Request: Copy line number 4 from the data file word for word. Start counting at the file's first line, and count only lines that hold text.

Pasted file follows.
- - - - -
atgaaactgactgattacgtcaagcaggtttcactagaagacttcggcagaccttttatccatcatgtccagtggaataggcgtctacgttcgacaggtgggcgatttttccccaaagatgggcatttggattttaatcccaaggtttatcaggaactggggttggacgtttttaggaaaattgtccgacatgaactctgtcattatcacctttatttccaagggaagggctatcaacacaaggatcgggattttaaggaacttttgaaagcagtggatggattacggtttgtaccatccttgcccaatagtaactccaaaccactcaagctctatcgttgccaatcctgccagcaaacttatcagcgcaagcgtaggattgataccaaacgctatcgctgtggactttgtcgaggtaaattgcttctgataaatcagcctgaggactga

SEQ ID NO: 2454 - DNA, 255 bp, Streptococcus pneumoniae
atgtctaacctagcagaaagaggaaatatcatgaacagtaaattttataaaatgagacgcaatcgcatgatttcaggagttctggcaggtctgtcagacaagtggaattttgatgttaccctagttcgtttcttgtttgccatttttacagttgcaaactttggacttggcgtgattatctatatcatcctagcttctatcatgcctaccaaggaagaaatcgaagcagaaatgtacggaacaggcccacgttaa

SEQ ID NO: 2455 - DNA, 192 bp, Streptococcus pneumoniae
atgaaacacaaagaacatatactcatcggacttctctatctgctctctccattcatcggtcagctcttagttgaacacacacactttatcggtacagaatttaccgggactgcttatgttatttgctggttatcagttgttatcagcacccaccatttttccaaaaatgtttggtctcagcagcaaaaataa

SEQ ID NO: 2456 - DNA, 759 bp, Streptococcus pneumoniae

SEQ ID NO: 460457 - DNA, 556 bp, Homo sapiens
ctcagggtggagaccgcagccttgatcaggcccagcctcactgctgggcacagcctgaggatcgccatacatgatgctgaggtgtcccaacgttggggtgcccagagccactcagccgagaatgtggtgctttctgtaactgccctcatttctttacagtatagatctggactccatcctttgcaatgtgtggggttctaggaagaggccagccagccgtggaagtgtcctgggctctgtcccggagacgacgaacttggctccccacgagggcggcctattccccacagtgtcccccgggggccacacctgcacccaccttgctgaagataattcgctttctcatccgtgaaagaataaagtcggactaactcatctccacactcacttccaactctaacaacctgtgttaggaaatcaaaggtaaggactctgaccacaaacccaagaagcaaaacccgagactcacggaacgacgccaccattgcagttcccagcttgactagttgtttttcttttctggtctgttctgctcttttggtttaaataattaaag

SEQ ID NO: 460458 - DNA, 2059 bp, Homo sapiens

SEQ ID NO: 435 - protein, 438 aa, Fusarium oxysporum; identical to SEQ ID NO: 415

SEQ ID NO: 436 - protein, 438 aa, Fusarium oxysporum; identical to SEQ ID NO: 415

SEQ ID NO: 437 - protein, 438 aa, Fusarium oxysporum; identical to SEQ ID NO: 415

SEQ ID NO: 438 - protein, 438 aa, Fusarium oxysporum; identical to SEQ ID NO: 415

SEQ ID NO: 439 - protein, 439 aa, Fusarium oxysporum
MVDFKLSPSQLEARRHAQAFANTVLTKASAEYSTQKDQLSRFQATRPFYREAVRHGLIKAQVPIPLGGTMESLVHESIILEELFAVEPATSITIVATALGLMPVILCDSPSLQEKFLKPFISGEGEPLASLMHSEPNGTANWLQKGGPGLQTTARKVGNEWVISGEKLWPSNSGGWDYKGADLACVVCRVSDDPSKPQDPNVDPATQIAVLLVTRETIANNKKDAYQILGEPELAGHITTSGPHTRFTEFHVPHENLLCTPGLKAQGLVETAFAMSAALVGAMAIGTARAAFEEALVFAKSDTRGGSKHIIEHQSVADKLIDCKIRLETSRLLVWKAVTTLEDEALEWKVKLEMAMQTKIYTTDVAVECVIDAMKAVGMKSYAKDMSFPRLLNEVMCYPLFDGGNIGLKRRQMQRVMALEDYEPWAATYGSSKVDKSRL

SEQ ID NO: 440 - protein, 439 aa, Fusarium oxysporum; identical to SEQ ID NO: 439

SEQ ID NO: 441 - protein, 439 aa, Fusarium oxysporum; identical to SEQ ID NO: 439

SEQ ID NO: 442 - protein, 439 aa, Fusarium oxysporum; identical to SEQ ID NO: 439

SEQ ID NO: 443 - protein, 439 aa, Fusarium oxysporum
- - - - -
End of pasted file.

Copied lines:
SEQ ID NO: 2455 - DNA, 192 bp, Streptococcus pneumoniae